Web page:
By Davis George Moye, Journal of Transnational Law & Policy Member

Many Floridians sighed in relief two weeks ago when Russian state-owned oil company Zarubezhneft announced it would table its oil exploration program near Gulf Stream waters off of Cuba’s north-central coast. Zarubezhneft’s decision terminated the last ongoing offshore oil exploration program in Cuban waters. However, Zarubezhneft intends to resume exploratory drilling operations 70 miles from Florida’s coast next year may yet undermine years of lobbying against offshore drilling near Floridian waters.

Cuban energy needs appear sated for the near future, following last month’s agreement between Venezuelan President Nicolás Maduro and Cuban President Raúl Castro to continue the Chavez era’s longstanding trade agreements between Venezuela and Cuba. Venezuela will continue to provide Cuba 130,000 barrels of oil per day at subsidized rates in exchange for 40,000 Cuban expatriate medical professionals’ continued employment in Venezuela. This exchange has proven costly to the Venezuelan government and was a controversial topic in last April’s Venezuelan presidential election. Petroleum comprises about 35% of Cuban imports, virtually all of which is subsidized by Venezuela. Understandably, Cuban authorities are trying to promote an indigenous industry. Because several other companies are making plans to explore for oil in Cuban waters, Zarubezhneft’s announcement appears more of a delay than a dismissal of the inevitable.

The longstanding U.S. embargo keeps much American-made drilling equipment out of Cuba. Last December, Zarubezhneft presented a Norwegian-owned rig it planned to use in Cuba to American authorities. Zarubezhneft, which does some business in the United States, likely sought to mitigate liability in the event of a mishap.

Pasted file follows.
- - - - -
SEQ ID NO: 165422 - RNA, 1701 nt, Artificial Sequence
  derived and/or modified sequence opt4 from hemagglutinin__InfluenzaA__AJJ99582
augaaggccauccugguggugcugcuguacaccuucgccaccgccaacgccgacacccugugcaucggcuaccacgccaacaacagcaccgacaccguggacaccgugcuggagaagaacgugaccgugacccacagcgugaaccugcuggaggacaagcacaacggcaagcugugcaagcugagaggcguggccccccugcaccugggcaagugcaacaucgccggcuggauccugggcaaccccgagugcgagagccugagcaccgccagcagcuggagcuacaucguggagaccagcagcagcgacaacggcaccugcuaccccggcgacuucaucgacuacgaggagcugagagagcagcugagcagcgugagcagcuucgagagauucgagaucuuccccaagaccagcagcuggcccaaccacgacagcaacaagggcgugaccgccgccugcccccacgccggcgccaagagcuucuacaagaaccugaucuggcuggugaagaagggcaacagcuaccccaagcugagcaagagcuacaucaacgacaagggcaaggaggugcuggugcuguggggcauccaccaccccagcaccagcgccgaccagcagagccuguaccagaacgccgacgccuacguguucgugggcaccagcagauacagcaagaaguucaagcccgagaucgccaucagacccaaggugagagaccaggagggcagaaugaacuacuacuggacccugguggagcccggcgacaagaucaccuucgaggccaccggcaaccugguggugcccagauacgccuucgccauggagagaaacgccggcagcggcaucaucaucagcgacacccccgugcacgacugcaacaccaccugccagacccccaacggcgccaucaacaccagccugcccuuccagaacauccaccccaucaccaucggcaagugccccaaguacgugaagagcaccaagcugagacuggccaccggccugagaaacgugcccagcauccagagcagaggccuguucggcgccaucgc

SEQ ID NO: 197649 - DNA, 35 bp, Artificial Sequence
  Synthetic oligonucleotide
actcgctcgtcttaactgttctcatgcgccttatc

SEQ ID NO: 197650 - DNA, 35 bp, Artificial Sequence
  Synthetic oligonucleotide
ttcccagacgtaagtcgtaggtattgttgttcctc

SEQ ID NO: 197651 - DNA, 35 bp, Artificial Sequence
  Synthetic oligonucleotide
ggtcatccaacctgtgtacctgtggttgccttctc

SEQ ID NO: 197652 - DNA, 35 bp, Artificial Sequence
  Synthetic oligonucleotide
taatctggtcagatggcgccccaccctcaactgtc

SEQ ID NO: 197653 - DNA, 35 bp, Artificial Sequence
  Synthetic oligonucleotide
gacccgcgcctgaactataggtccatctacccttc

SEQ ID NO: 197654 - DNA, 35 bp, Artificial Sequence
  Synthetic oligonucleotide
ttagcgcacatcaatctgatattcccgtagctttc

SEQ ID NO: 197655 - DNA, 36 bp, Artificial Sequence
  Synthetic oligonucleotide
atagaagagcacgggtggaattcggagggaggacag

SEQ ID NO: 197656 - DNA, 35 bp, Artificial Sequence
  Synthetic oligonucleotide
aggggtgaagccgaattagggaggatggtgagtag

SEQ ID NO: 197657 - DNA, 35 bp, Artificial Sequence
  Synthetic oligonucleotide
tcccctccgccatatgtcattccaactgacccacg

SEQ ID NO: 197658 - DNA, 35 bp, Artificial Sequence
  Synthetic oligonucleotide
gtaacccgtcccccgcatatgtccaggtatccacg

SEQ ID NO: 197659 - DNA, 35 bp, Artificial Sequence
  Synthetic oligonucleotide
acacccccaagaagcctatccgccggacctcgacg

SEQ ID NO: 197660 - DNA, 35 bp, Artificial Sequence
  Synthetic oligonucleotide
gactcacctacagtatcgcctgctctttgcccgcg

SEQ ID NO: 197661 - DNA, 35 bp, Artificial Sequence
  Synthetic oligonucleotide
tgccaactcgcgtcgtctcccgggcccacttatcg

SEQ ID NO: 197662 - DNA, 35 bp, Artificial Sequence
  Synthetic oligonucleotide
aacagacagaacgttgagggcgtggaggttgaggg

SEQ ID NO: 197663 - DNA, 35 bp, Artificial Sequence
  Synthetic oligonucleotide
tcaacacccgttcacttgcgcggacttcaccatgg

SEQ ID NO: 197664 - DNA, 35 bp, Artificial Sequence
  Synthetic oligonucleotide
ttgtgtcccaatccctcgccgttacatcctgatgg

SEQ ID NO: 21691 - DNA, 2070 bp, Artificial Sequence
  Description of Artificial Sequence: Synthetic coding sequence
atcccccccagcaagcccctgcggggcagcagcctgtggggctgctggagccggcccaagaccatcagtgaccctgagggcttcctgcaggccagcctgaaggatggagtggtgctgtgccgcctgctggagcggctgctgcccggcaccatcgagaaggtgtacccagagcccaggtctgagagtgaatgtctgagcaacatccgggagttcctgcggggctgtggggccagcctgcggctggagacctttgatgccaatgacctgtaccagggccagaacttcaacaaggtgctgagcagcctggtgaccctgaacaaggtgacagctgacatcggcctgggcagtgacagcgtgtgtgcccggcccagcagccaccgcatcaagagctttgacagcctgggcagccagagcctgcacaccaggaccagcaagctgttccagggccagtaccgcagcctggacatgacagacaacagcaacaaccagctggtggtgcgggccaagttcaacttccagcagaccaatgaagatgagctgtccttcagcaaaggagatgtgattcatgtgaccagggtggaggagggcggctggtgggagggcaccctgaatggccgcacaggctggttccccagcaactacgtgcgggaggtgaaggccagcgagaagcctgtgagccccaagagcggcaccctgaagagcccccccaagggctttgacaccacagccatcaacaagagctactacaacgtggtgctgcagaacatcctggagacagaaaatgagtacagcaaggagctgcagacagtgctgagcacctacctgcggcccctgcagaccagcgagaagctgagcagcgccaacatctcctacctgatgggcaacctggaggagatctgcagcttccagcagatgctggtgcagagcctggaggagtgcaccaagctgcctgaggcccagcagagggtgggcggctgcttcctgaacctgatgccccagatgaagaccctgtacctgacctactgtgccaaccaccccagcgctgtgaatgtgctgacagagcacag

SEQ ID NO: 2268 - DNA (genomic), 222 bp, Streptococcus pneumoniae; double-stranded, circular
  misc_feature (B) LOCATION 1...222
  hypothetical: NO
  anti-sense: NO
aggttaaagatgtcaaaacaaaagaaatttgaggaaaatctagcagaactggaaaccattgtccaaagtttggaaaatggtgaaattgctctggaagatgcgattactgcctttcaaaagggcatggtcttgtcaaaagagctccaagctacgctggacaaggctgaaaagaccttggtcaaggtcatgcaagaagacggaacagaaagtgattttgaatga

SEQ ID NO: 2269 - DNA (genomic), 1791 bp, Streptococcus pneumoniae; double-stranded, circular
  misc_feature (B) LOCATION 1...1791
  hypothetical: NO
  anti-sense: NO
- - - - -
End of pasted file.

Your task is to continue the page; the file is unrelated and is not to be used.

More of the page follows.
The worst-case fear of a spill would present infrequent legal dilemmas when affected Floridians to seek economic relief. Cubapetroleo, Cuba’s state-owned petroleum company, is a joint partner in all drilling operations in Cuban waters. The most obvious issue stems from Cubapetroleo being a Cuban company. On account of the embargo, Cubapetroleo has little (if any) assets in the United States. Section 457m comment g of The Restatement (Third) of Foreign Relations Law indicates that in the absence of diplomatic channels between two states, service may be made through a “protecting country” or third country that does have diplomatic relations with both the United States and the defendant country.

The U.S. faced a similar situation in the 1980s following the Iranian Hostage Crisis. After American-Iranian diplomatic relations had severed, the Supreme Court in Dames & Moore v. Regan, ruled the President had authority not only to freeze the Iranian government’s assets, but then to agree to a neutral arbitration panel to decide claims made by American citizens against the Iranian government. Dames & Moore v. Regan, 452 U.S. 654 (1981).